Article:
TESTING TO CONFLICT WITH DAUGHTERS DAY.
While girls nationwide join their parents Thursday for the sixth annual Take Our Daughters to Work Day, many Los Angeles students will be taking the Stanford 9 Achievement Tests instead.
The scheduling conflict forces some schools to limit participation in an activity they otherwise support.
``We hope that people will understand, and if they want to take their daughter to work after the test is over with, hey, that's great,'' said Michael Bennett, principal of Francis Parkman Middle School in Woodland Hills. ``But kids shouldn't be missing the test to go on this project.''
The annual event, sponsored by the Ms. Foundation For Women, encourages parents to bring their daughters to work in hopes of promoting self-esteem and professional goals among girls.
This year, California schools were required to administer the standardized Stanford 9 tests between April 20 and May 1. Aprenda testing for Spanish-speaking students also began Monday and ends May 8.
Ms. Foundation President Marie Wilson agreed that testing should come first and said she was pleased that schools are encouraging after-school participation.
``It sounds like the school district is saying, Tell them to do it in the afternoon after the test,'' she said. ``I think that's a great attitude. They're trying to coordinate the needs of the teachers and the needs of the students, and saying to the girls that their work future is very important.''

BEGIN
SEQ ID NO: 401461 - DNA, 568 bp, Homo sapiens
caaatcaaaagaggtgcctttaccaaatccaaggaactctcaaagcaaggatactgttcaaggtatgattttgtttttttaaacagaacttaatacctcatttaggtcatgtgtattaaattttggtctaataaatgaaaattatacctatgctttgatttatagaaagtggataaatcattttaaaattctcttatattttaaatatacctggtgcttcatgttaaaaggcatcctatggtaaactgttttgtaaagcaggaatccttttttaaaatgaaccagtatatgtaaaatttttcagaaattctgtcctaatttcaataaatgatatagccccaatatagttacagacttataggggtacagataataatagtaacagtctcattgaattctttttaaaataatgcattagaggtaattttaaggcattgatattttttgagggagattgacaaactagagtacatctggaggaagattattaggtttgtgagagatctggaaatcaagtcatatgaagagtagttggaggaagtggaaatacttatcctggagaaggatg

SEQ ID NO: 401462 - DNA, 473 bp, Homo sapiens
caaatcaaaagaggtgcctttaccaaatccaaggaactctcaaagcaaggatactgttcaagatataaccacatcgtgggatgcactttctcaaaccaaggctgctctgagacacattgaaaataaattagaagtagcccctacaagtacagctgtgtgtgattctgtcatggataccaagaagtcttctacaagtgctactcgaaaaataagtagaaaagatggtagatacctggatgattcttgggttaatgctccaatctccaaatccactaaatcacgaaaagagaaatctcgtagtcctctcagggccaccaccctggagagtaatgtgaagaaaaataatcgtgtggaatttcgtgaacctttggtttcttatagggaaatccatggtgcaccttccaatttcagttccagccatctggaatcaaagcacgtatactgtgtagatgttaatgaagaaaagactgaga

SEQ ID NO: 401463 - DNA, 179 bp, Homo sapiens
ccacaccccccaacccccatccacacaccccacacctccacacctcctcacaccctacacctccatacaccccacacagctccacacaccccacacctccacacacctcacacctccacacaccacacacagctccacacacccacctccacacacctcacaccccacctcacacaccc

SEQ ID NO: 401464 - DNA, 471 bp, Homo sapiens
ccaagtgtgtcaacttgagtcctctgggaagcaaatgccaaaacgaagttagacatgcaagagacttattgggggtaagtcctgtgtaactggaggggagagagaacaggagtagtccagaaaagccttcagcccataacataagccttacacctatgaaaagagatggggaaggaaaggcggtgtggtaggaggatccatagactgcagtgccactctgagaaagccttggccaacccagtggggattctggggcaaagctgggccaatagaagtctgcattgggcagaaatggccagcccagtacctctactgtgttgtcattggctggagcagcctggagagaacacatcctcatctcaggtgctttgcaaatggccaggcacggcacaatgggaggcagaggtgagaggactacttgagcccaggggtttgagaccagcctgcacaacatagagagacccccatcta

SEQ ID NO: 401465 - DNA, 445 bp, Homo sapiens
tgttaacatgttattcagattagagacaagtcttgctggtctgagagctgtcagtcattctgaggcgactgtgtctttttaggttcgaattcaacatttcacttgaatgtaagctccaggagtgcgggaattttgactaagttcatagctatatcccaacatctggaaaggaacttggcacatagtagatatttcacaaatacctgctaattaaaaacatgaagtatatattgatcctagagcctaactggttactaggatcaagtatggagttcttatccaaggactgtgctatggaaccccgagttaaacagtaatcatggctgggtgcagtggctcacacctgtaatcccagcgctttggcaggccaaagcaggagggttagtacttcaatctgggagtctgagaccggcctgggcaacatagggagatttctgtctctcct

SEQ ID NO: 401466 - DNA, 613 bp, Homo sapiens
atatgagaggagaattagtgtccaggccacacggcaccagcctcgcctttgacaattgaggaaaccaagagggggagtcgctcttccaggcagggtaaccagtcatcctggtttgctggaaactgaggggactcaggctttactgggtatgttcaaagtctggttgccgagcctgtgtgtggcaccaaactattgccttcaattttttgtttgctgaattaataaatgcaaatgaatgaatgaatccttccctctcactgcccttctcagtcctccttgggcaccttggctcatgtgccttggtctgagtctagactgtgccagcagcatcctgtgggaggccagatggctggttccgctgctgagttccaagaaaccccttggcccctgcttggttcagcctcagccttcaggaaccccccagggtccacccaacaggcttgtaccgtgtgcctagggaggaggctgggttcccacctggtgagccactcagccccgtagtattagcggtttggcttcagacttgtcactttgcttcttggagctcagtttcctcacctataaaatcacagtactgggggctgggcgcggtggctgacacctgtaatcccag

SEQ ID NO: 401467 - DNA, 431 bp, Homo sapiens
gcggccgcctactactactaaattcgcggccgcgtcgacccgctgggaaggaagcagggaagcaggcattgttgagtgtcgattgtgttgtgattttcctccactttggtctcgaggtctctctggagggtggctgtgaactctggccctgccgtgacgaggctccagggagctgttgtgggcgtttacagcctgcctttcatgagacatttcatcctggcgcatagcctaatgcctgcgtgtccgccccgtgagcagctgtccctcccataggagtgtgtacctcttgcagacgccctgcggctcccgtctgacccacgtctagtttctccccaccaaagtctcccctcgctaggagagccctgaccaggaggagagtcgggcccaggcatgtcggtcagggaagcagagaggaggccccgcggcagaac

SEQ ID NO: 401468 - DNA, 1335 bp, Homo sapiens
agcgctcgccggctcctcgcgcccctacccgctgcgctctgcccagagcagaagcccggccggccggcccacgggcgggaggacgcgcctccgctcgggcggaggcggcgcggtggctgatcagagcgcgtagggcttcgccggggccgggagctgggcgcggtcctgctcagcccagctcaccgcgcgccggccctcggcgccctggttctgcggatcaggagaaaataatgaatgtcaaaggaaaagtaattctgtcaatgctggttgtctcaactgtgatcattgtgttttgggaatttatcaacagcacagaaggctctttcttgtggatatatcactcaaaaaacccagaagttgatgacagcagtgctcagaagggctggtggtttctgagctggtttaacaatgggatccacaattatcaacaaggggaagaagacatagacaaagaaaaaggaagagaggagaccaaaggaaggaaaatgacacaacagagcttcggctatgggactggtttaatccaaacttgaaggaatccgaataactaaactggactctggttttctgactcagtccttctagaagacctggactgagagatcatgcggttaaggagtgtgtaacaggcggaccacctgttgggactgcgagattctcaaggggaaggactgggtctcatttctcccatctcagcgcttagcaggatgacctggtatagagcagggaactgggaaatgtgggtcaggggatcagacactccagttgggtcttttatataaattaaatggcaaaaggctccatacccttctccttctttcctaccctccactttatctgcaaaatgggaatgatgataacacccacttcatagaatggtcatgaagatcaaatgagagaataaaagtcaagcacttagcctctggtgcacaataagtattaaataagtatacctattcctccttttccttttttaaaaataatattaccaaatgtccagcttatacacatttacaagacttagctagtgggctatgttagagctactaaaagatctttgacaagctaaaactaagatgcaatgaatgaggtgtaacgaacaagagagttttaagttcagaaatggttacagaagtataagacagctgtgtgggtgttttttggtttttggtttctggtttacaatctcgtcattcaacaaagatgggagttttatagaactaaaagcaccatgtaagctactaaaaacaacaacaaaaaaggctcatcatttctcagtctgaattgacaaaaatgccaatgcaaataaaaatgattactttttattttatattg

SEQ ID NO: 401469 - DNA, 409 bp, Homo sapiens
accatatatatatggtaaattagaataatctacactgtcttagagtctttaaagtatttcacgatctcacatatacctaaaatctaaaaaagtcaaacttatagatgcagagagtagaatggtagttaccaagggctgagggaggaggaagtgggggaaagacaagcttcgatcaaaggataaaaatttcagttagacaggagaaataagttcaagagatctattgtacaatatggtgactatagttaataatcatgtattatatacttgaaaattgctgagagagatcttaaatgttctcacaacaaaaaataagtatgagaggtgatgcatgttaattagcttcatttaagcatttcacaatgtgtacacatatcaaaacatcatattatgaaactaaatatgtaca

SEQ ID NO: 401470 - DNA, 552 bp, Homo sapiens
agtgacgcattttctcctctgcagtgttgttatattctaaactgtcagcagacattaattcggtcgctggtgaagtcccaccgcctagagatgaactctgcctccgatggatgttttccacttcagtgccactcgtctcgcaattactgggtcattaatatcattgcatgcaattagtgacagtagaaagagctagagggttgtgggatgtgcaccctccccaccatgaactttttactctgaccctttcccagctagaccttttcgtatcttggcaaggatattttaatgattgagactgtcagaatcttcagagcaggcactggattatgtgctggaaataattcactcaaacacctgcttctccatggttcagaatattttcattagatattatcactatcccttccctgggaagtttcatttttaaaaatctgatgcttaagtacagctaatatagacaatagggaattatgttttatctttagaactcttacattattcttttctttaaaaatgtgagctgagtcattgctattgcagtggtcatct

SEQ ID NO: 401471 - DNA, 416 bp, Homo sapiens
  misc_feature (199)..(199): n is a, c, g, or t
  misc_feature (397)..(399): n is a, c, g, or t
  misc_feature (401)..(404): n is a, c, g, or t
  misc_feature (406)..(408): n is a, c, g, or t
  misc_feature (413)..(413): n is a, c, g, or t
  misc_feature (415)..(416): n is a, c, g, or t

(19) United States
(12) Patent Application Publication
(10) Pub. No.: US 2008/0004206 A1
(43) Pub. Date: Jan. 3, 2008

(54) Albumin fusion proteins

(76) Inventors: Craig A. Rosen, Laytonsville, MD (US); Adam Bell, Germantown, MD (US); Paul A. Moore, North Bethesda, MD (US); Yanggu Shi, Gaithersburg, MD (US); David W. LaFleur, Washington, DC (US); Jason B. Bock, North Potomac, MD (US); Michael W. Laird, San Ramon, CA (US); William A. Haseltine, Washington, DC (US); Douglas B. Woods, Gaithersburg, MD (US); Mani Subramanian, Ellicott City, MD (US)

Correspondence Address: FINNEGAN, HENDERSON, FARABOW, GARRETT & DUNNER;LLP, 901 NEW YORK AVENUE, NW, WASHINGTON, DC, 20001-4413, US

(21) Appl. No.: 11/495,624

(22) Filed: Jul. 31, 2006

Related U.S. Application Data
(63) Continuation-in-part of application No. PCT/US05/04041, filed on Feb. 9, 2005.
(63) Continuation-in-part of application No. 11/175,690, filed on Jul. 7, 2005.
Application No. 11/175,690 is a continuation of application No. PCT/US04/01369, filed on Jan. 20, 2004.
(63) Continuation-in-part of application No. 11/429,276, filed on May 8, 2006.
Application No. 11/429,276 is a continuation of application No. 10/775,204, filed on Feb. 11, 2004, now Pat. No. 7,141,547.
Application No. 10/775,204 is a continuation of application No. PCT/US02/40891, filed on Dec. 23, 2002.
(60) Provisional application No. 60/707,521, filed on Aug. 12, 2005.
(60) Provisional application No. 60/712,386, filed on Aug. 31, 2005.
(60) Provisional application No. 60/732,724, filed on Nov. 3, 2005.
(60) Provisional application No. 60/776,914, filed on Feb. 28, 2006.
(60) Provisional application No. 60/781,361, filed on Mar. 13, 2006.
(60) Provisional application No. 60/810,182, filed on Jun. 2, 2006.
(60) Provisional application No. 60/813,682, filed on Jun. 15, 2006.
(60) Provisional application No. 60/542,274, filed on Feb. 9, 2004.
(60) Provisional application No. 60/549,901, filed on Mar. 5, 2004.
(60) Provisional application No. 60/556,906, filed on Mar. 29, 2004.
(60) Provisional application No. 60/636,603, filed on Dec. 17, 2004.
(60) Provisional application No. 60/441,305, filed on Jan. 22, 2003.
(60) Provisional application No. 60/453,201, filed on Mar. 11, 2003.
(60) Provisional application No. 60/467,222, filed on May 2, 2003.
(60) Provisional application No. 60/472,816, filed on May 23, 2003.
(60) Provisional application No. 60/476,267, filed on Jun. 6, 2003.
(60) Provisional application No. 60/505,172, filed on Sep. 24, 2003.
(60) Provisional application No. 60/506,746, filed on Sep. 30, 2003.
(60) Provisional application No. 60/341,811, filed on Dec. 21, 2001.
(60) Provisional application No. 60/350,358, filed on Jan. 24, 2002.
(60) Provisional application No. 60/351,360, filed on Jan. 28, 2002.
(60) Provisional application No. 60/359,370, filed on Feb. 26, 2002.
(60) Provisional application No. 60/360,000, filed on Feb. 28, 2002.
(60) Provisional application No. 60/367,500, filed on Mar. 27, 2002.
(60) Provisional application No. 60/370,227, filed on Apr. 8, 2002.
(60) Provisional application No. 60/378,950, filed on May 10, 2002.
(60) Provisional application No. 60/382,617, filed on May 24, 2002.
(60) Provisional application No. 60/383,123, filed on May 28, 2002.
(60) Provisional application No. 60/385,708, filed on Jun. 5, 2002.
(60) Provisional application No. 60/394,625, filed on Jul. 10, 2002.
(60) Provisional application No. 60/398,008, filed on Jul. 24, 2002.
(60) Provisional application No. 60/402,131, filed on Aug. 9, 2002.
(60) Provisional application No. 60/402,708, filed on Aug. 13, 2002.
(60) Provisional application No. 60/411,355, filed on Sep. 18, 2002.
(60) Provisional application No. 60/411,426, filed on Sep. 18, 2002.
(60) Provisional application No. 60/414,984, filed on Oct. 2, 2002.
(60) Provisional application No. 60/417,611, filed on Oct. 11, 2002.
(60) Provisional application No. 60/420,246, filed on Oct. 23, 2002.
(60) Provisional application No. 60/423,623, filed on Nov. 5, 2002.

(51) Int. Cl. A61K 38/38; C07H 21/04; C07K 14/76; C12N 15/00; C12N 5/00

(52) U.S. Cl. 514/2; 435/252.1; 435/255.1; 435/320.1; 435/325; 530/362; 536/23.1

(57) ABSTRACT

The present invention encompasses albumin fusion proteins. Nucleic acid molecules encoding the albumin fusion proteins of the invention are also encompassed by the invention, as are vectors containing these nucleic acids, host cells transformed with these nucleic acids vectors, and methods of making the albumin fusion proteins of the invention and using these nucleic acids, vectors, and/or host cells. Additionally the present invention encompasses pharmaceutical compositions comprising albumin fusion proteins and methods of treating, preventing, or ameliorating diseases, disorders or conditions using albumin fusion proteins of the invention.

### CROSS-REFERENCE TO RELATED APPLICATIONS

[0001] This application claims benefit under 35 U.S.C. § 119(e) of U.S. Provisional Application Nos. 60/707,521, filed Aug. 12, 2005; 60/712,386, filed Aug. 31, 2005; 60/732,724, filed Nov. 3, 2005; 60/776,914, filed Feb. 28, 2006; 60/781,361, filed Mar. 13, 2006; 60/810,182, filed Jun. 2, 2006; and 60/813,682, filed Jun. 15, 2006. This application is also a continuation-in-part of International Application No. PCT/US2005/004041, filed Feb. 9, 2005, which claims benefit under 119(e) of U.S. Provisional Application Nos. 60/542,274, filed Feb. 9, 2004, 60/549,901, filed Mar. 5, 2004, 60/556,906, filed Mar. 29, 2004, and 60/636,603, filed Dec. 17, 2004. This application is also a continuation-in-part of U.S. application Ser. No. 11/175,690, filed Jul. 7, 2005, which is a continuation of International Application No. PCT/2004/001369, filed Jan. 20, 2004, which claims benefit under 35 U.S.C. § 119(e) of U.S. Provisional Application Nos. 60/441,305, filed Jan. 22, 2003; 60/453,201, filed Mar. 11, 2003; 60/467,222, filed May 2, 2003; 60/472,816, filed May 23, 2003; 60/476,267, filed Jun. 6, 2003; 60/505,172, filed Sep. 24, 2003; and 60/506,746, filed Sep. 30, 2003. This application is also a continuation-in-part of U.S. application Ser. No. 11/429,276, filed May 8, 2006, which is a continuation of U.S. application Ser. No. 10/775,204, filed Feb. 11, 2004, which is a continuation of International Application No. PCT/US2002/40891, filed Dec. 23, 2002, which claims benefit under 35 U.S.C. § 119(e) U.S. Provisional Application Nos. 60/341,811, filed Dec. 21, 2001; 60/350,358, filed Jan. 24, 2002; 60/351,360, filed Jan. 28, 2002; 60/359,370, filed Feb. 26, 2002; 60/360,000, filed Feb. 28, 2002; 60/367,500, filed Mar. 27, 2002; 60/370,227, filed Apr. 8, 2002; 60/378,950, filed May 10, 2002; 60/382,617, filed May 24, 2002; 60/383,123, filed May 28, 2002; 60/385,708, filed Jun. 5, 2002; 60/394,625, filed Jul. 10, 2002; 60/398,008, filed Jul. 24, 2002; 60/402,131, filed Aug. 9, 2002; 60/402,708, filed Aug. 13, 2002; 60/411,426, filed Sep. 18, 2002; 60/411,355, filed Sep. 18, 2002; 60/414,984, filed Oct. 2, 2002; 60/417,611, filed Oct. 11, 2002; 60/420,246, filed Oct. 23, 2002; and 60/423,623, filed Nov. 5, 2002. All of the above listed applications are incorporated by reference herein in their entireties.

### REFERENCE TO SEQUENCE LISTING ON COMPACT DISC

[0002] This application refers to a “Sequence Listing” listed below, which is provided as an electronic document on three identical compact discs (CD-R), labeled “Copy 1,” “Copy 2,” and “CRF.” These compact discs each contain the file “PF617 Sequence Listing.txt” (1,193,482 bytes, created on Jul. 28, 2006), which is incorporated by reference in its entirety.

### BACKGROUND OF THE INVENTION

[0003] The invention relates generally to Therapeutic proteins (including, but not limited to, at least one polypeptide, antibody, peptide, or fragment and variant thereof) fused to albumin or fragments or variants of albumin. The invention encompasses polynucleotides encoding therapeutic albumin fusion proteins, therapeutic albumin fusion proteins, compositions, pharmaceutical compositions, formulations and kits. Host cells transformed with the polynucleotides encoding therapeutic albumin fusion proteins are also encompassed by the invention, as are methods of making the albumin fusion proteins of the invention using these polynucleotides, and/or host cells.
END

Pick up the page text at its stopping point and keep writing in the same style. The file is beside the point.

Although the school board endorsed the event at its March 23 board meeting, district officials told schools that tests should take precedence over the national event, said district spokesman Shel Erlich.
School district officials could not say how many schools will be holding the tests on Take Your Daughter To Work Day, but several San Fernando Valley schools contacted said the two events coincide.
Some school administrators said they would allow parents to bring their daughters to work after the testing, but said transportation difficulties might reduce participation.
``We are participating, and we've asked the parents to pick their children up after testing which is over around 10:30 a.m.,'' said Natalie Messinger, principal of Castlebay Lane School in Northridge.
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|Publication:||Daily News (Los Angeles, CA)|
|Date:||Apr 21, 1998|
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